The Zena DAC Module doesn’t draw any power from the USB connection instead drawing power internally from the preamp. It incorporates a 12.5 Farad SuperCap power supply which acts as a virtual battery for the DAC. This effectively isolates the power supply from any influence from a connected computer or streamer. There are two filters available via the preamp menu or the remote for slow and fast roll off and DSD sources have three bandpass filter options for 50, 60 or 70kHz. Finally, the output from the DAC can be set at 0dB or -6dB, again selectable via the menu or the remote.

System Components used in this Review:

Pre-Amp: Gryphon Essence Pre

Power Amp: Gryphon Essence Power

Streamer: Innuos Statement

Compact Disc: Shanling SCD-T200 CD Player

Music Streaming: Tidal, Qobuz, Roon

DAC: Gryphon Zena DAC Module installed in the Essence Pre

Analogue Sources: Sansui TU-719 Tuner

Speakers: Marten Mingus Quintet

Subwoofer: REL Carbon Limited

Cables: Jorma Cables throughout

Performance – The first thing you notice when firing up the preamp after fitting the Zena DAC Module is a little blue flashing light on the front panel that you didn’t know existed before. This can flash for a few minutes and is letting you know that the capacitor bank inside the DAC module is being charged. Once fully charged the light goes out and from this point on the DAC runs in virtual battery mode with power sourced from those large capacitors. The second thing I noticed when playing the first track was wow where is all that bass coming from, this DAC is certainly able to find an extra octave. If you want to hear what this DAC can do I suggest listening to “All About You’ by Sophie Zelmani from her Soul album (Tidal 44.1/16bit). The detail ,dynamics, percussive strength and room filling sound is addictive. Then play ‘Ain’t No Sunshine’ by Dana Sedgewick and her version of this classic track will simply have you spellbound (Tidal 44.1/16bit).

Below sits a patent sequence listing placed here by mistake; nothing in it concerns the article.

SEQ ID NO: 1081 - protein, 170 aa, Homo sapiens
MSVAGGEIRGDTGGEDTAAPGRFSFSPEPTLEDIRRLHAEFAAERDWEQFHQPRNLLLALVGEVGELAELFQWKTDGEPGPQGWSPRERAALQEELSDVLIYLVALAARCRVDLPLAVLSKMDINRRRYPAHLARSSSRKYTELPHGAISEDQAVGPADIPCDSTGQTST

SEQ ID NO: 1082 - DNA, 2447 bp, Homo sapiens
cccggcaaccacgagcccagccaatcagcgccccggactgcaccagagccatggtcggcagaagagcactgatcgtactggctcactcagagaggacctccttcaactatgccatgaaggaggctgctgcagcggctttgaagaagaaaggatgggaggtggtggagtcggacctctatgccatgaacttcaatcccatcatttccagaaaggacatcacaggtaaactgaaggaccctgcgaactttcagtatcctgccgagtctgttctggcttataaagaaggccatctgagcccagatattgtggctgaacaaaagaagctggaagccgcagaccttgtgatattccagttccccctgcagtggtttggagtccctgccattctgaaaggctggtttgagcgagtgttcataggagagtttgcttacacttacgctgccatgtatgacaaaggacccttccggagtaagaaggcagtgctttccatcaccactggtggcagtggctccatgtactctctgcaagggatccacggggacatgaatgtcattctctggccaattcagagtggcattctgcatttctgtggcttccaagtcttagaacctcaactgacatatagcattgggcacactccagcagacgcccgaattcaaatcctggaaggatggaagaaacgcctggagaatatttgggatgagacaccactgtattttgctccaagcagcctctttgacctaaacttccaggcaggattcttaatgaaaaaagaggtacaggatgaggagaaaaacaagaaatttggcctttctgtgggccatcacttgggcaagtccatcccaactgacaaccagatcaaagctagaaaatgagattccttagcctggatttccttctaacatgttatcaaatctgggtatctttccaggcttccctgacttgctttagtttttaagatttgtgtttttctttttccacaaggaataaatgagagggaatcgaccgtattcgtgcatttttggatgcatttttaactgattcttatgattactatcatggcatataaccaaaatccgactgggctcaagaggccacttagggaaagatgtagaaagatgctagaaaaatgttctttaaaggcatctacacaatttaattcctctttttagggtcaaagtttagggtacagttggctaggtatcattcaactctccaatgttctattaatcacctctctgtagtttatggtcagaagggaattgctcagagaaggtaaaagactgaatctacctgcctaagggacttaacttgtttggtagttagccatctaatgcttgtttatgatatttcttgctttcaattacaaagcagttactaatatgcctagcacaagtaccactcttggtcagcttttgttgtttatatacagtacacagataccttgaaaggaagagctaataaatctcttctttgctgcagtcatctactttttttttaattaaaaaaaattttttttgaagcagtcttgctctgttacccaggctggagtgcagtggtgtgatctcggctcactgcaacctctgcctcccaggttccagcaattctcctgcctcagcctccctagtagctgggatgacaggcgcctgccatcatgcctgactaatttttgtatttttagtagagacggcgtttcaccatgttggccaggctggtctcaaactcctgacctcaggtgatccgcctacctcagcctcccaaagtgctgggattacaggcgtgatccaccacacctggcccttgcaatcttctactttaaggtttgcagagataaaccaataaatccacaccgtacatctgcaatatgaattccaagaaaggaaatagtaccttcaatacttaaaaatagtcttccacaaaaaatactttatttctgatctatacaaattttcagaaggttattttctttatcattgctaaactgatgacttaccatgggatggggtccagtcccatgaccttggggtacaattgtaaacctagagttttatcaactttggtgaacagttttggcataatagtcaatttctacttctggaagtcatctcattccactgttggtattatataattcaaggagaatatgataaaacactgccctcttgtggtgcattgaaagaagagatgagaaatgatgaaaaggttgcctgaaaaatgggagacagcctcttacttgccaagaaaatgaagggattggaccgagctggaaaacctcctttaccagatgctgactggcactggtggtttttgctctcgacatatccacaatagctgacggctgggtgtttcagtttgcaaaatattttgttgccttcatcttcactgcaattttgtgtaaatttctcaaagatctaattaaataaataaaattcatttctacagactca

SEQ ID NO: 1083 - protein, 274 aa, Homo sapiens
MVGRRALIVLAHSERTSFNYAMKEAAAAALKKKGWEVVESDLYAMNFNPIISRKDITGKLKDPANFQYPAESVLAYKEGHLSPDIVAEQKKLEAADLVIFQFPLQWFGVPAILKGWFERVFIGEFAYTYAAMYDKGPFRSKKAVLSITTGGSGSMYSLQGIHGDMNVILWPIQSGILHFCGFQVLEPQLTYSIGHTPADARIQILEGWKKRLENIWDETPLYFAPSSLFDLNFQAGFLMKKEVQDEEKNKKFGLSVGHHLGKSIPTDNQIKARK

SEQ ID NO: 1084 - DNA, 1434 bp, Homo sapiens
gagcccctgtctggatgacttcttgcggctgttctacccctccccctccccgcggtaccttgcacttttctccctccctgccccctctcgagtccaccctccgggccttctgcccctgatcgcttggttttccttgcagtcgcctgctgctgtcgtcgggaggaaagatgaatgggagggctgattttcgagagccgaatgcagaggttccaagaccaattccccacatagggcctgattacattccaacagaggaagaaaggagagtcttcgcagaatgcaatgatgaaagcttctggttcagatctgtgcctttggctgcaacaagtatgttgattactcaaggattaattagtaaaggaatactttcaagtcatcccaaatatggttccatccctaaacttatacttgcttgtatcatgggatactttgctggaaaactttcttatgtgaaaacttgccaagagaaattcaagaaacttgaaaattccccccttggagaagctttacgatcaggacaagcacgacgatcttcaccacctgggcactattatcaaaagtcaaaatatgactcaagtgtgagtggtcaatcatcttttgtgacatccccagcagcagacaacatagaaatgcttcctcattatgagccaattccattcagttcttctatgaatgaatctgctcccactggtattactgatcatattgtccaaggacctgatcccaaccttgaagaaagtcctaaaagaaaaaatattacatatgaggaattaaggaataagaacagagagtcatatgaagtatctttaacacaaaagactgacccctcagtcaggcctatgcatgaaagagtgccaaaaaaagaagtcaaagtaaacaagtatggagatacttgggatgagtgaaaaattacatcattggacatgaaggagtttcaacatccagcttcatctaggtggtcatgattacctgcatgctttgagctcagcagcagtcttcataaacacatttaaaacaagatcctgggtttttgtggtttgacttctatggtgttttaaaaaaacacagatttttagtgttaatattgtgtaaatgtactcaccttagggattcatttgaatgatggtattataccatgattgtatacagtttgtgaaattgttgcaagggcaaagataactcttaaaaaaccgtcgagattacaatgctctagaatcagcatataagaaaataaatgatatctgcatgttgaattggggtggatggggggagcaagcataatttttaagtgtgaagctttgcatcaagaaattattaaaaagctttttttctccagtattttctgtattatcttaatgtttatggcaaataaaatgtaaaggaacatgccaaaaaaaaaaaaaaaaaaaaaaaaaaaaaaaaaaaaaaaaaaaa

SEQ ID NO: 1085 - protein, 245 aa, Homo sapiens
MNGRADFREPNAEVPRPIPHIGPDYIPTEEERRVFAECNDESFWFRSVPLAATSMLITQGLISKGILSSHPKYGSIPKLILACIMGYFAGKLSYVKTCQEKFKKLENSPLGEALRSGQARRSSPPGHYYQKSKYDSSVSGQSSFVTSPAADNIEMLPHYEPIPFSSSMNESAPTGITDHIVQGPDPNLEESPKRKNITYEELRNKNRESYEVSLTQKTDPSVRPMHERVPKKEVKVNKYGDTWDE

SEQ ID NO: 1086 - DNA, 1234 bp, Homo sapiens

I have found that some DACs, no matter the price, don’t do justice to a connected CD player used in transport mode via RCA or BNC connection. I’m not sure why this is but the Zena DAC module was an exception to the rule by giving more life, sparkle and energy to my connected transport.

Going back to streaming via USB I listened to the October Road album by James Taylor which is now 20 years old, but the album really showcases his voice and guitar. The Zena DAC reproduced his voice on the title track by breathing extra life, rhythm and pace into the recording, a speciality of this DAC it seems. On the track ‘Mean Old Man’ from the same album the piano work was noticeable for its realistic reproduction that many replay systems seem to find difficult, but not the Zena DAC which did a fine job.

Conclusion – Having installed and lived with the Zena DAC for a while I have decided to keep it as a replacement for my standalone DAC. That’s how good I think this DAC is. I know from experience that spending 4 times as much is usually where outboard DACs really start to sing but if like me you just don’t have that amount of disposable income, and if you have a compatible Gryphon amplifier then this is one of the best DACs around under £20k. Highly recommended for those capable of taking advantage.

Bob – Team Reference Audio